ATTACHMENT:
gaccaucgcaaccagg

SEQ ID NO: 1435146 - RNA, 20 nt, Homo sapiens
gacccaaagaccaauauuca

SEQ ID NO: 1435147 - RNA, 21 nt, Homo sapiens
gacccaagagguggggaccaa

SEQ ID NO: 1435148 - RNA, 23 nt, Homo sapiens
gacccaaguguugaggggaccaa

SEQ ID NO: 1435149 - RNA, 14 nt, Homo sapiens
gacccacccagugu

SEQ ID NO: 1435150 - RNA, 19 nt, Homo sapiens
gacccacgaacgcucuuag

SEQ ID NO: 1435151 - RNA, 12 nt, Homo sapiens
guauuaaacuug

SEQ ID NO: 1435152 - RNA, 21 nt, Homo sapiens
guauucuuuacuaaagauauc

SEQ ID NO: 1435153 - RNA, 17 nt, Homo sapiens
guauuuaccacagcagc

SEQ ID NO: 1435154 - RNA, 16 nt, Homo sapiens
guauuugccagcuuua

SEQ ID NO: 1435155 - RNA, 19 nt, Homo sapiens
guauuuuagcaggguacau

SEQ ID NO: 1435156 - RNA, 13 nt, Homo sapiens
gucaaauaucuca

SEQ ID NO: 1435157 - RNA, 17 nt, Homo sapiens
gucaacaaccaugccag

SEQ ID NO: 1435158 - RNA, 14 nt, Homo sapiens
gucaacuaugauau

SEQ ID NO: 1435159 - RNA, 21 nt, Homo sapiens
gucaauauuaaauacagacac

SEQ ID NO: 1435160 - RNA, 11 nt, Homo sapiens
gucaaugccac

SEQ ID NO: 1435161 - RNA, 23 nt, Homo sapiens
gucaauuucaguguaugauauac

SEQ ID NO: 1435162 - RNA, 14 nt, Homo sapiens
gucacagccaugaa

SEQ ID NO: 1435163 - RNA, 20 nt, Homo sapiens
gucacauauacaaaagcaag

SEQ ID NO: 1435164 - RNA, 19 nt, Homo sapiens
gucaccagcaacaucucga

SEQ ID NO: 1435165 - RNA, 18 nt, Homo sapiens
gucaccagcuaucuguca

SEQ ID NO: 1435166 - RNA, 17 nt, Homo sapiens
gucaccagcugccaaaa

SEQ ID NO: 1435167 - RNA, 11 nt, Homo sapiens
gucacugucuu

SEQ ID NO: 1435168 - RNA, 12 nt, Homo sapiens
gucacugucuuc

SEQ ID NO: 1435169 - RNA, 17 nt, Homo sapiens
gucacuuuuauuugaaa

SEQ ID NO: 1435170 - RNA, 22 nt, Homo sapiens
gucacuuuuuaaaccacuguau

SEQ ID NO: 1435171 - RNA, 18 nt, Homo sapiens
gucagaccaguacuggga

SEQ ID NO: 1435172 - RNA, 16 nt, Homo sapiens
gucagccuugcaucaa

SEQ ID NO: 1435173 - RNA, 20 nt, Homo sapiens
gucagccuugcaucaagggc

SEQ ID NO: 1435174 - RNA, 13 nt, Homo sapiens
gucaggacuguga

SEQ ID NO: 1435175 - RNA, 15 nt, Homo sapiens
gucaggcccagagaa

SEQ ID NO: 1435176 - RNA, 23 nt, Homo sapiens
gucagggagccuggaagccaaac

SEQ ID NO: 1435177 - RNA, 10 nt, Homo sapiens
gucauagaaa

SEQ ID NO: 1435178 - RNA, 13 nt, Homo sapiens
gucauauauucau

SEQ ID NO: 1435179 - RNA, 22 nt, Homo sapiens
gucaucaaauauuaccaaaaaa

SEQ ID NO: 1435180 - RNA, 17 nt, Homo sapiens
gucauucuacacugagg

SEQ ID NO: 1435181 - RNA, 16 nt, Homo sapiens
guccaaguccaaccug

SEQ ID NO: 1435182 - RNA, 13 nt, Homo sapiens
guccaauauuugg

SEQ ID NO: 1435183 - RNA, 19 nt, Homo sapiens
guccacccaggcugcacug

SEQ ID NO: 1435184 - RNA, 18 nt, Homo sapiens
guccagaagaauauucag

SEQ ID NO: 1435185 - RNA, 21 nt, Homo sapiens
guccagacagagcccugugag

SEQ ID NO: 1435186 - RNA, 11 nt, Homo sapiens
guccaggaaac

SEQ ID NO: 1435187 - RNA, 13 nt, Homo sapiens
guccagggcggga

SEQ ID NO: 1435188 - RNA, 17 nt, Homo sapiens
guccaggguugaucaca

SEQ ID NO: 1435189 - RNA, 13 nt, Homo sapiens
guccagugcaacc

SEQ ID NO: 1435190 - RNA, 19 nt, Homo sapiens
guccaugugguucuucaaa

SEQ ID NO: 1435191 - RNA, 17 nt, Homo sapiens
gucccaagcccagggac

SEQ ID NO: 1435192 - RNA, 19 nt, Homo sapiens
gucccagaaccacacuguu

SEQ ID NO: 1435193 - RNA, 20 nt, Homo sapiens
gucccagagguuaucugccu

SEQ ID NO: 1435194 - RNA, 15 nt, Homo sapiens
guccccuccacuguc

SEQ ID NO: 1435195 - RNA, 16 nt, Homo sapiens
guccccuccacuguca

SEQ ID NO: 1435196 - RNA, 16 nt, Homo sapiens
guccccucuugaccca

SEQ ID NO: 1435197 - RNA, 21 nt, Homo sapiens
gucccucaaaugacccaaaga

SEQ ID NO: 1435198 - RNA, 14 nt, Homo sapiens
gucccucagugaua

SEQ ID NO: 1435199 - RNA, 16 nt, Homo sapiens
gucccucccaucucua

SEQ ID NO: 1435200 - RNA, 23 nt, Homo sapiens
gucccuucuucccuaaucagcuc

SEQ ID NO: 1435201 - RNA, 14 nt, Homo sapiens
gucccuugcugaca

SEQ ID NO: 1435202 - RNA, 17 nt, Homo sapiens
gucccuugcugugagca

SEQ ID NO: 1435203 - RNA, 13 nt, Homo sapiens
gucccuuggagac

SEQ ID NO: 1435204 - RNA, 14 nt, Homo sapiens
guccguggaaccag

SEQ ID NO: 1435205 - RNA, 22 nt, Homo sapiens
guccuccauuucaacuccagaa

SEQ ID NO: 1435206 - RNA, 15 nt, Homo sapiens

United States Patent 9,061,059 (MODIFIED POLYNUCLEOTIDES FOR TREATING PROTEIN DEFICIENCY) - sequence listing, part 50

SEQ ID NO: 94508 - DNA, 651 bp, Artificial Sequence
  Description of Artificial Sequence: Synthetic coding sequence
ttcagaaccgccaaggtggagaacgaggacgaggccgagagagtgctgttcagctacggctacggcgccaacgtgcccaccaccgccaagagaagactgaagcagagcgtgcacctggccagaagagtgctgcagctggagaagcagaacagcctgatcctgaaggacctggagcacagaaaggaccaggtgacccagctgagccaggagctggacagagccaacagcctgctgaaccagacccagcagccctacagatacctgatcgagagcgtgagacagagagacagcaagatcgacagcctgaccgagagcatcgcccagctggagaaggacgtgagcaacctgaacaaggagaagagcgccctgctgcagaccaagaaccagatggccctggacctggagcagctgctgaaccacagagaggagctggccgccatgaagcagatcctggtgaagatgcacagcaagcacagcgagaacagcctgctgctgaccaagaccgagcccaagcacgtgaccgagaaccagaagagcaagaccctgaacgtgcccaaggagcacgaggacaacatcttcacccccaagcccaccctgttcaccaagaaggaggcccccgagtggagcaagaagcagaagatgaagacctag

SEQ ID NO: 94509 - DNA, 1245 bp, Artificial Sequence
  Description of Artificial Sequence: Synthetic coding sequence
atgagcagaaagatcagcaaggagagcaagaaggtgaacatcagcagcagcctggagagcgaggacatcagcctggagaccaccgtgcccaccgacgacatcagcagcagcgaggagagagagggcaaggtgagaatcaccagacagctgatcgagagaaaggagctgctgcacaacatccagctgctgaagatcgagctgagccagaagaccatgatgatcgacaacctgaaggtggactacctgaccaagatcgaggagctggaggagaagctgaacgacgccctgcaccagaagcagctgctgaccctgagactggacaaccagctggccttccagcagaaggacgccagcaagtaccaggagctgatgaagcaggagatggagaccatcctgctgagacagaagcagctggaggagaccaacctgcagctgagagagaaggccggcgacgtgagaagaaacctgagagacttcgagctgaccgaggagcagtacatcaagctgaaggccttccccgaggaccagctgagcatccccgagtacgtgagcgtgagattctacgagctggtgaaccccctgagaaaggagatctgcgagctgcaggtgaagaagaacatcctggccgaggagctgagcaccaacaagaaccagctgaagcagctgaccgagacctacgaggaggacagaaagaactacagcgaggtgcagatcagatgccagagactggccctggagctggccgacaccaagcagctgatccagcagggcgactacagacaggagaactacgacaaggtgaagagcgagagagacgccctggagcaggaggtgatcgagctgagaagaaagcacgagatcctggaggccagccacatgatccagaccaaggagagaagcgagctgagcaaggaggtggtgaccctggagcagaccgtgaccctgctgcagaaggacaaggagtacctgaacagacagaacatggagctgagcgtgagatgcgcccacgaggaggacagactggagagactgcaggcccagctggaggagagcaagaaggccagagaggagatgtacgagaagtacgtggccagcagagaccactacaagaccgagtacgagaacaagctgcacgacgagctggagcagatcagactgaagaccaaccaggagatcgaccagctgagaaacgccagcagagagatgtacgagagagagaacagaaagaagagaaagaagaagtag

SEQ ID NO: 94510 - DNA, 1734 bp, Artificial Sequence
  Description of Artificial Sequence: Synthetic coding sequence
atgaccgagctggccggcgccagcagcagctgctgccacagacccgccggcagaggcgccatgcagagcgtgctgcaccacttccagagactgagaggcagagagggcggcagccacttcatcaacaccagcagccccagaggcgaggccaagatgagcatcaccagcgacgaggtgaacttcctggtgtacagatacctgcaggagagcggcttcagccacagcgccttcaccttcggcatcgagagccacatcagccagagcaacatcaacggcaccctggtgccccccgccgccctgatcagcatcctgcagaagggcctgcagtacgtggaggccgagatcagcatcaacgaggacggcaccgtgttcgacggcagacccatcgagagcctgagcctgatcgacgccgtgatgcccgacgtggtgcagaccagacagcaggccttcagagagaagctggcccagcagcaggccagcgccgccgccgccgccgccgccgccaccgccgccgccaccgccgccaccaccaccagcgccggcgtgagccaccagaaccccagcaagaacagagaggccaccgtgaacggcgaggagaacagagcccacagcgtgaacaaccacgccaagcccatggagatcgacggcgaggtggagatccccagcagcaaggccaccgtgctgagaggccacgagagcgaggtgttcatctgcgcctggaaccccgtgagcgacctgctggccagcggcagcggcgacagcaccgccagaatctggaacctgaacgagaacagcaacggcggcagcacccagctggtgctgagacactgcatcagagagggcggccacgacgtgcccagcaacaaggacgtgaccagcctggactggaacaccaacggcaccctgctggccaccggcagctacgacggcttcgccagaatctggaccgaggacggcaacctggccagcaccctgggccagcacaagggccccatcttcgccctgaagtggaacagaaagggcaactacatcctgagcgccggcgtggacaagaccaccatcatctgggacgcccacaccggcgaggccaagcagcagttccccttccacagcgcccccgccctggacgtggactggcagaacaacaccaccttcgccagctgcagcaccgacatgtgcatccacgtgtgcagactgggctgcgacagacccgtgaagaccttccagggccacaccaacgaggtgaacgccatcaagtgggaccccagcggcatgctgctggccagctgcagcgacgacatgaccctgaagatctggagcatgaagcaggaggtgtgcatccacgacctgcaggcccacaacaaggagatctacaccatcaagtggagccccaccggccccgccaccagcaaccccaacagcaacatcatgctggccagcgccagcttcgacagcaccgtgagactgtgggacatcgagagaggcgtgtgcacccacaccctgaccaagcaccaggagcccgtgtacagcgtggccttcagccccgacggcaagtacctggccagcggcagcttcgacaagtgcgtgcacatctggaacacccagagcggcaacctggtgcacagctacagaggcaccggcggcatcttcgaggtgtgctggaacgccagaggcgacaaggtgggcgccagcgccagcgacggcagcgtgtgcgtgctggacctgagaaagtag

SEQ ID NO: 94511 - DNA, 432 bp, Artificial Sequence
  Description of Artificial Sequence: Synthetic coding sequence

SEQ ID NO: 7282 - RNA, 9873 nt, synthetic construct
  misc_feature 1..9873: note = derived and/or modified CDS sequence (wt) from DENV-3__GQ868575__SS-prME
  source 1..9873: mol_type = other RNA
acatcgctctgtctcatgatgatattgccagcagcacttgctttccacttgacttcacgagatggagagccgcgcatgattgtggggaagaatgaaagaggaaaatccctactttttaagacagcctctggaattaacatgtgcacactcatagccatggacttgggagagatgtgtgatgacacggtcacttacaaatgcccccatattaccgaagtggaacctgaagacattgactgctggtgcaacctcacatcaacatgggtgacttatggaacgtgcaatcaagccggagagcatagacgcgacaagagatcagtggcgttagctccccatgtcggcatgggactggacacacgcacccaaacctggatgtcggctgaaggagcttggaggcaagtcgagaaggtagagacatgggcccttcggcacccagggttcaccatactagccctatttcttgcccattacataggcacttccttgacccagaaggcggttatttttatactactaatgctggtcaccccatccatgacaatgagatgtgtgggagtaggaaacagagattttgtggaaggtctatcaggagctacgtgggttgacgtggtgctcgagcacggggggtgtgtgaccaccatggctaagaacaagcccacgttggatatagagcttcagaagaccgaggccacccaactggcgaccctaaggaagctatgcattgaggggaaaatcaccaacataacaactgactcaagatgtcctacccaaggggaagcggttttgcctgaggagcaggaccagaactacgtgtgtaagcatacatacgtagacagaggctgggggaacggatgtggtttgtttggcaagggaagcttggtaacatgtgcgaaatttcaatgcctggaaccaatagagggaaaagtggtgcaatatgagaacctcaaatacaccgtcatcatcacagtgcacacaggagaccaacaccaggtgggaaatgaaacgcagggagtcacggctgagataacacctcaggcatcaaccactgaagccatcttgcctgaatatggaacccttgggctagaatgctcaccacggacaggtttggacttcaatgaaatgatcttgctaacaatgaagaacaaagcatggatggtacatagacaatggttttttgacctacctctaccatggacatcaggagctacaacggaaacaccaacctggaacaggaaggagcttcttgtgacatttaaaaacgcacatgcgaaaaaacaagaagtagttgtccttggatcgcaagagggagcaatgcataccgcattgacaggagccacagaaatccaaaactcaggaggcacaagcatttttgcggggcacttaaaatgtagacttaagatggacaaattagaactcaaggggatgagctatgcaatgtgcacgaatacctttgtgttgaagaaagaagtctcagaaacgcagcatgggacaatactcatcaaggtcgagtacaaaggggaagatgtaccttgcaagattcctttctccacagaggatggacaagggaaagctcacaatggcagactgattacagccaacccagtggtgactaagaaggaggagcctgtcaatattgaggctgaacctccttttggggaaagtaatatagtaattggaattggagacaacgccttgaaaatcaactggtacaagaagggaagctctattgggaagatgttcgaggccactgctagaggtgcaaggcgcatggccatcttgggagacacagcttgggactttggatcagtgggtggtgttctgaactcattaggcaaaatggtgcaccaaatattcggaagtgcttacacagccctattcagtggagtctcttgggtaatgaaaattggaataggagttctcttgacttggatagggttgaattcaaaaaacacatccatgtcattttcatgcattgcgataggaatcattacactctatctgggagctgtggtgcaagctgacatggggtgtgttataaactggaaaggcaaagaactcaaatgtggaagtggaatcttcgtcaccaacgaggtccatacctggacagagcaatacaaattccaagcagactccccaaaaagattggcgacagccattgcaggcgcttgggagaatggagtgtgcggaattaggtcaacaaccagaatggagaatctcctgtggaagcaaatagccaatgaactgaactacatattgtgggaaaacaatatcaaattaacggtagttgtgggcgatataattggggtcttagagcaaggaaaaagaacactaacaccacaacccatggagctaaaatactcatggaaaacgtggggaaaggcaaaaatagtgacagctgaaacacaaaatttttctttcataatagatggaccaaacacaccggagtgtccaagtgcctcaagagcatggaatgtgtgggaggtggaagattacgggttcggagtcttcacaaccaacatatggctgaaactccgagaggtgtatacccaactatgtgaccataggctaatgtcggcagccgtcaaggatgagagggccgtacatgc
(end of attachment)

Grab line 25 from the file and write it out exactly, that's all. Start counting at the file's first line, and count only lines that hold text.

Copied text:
gucaacaaccaugccag